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1. Don't quit in a huff
There is no need to quit your job just because you feel you need a change.
Aman Sharma (name changed on request), 29, an assistant manager at one of the leading call centres in Mumbai, learnt his lesson in time. Or just about .
"I job-hopped a lot in the first three years of my career," he reflects. "Based on my experience, my advice is: Do not jump too much .
"Firms who look for stability and continuity (and they all do) will not touch you. People invest money in training you. They need experts in a given field .
"It is not fair to jump elsewhere. You must stick around so you can show 'stability' on your CV."


2. Don't be 'merely' functional
Which is not to say that you must stop functioning.
Says Kaushik Gupta, a human resources consultant based in Bangalore, "Don't be merely functional in your career. You must understand the business. Unless you know your business and what your industry is about, you cannot do justice to your firm. Help your firm grow."
Find out what is going on in allied sectors.
Gather new ideas and try to implement them in your own firm, if possible.

3. Don't get complacent
A false sense of complacency could be your pink slip.
Kaushik Gupta agrees, adding that the fear of obsolescence has to be the driving force behind your career.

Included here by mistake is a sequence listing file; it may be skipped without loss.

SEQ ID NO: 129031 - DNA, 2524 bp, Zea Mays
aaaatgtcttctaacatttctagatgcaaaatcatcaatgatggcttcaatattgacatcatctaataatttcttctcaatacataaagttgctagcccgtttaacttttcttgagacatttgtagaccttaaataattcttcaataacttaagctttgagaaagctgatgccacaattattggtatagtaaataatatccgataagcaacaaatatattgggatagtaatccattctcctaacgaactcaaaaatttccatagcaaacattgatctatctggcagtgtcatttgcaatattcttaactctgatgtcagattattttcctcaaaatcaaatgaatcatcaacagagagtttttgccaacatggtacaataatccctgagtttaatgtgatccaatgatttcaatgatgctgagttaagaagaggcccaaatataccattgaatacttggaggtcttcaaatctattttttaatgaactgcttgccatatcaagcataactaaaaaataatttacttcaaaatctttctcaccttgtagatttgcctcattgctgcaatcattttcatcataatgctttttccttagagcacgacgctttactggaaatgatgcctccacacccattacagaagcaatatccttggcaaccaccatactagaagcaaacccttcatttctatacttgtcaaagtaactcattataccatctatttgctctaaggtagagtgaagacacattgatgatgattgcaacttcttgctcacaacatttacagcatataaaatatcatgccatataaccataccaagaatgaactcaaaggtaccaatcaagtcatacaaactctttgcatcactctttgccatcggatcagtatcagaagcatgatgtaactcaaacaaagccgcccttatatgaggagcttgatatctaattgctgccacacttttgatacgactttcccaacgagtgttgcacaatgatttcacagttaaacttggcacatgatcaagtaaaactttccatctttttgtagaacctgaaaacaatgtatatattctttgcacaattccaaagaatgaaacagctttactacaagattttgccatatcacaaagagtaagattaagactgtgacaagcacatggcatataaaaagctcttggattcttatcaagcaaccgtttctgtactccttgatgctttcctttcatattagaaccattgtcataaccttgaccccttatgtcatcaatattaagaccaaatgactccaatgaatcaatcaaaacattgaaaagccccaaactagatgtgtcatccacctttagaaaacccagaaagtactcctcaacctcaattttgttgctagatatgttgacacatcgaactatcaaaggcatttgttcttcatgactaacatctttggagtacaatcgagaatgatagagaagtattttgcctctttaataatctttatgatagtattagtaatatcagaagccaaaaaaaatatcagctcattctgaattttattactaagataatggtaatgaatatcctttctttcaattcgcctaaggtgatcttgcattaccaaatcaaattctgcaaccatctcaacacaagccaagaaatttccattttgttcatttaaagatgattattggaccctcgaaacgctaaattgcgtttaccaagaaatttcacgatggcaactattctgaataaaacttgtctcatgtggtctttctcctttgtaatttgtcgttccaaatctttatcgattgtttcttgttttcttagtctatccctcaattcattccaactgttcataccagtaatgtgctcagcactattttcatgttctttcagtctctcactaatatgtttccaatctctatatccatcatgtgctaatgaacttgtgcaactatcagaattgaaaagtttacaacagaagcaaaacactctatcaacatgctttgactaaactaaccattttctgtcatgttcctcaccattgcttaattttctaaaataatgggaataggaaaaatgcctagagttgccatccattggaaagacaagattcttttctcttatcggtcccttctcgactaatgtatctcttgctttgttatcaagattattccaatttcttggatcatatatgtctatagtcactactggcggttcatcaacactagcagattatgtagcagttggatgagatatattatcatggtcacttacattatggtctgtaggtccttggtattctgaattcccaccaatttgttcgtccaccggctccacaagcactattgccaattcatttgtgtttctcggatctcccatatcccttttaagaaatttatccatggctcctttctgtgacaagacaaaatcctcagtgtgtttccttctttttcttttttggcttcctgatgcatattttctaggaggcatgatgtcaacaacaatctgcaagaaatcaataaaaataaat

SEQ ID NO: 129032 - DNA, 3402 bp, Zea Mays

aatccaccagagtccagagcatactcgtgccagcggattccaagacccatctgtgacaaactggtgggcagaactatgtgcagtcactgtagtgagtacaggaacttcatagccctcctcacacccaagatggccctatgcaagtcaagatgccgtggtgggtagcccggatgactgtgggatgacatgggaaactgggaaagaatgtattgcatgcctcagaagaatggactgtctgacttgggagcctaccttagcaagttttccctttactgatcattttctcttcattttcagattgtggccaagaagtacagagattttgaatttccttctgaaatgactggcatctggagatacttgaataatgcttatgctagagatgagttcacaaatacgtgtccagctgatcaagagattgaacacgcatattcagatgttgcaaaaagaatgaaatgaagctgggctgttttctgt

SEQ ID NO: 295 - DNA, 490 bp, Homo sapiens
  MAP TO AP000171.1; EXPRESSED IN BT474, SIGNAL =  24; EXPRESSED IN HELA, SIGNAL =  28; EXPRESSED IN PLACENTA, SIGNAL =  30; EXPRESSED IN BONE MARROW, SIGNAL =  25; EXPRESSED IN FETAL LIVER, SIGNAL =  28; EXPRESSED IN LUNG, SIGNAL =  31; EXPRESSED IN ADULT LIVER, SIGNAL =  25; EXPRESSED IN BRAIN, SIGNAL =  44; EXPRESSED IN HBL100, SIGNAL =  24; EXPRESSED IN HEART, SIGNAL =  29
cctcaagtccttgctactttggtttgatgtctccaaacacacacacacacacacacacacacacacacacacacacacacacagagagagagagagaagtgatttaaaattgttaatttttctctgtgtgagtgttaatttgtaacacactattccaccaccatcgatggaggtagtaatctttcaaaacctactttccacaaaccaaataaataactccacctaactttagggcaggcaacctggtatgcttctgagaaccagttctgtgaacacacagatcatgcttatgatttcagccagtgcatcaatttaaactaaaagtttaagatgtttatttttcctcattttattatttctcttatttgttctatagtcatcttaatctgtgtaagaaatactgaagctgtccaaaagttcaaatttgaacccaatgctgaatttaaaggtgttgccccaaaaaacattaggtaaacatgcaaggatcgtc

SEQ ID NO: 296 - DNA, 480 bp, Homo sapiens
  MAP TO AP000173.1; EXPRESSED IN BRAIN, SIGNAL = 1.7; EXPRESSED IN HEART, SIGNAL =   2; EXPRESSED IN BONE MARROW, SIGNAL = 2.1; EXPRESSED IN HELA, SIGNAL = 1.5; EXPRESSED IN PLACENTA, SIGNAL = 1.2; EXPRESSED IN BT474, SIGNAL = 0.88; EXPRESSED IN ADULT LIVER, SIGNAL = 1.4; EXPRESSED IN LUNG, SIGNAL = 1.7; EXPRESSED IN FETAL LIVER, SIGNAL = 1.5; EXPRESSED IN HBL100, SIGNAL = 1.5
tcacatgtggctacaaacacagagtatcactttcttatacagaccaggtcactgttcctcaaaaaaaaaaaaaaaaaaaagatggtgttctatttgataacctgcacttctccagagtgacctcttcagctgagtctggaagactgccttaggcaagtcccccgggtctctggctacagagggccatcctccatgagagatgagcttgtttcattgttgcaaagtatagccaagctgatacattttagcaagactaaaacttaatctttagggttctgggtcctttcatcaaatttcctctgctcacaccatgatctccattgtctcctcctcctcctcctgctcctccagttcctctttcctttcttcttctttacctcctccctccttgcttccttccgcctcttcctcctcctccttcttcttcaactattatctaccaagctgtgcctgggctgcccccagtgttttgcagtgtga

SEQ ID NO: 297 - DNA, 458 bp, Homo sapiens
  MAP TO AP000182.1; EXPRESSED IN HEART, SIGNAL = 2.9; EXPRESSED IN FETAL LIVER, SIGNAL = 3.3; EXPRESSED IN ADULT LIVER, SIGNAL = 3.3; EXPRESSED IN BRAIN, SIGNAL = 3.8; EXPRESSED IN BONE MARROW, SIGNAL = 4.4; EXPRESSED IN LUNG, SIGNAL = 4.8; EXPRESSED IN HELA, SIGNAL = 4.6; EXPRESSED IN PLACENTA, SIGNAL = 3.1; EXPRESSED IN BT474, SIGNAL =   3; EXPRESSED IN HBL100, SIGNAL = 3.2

And the only way out of complacency is to keep constant track of what others are doing in the same industry or in allied sectors, and to try and beat them at it.

4. Don't play foul
Ethics, fair play, justice and so on are not just words in the idealists' dictionary.
They ought to be a part of your working manual. So...
~ No lies.
~ No exaggeration about your own skills.
~ No downplaying of a colleague's credentials.
~ No claiming credit for someone else's work.
~ No bribing.
No one forgives foul play. No one keeps mum about it.
Once word gets out in the market that XYZ has been playing dirty with someone else's career, you lose the respect of your team, and perhaps the organisation.
Besides, other professionals will be wary of hiring you.

5. Don't work like mad
No, really. Don't.
Your health and your family need you to take breaks.
There's no point having a pile of money if you don't have anyone to spend it on, nor the good health to enjoy it.
Kaushik Gupta recalls his own experience. "I used to be a workaholic. Then, I had a slip disc. I was forced to live off my savings while taking a six-month break, wondering if I'd be normal again. I did a lot of thinking about life and what it means.
"In my last firm, we organised a lot of events and outings for employees. We also got families along. We make sure people are chilled out, and in touch with their families."

So do some yoga. Dance. Go trekking. Join a hobby group. Read. Experiment.
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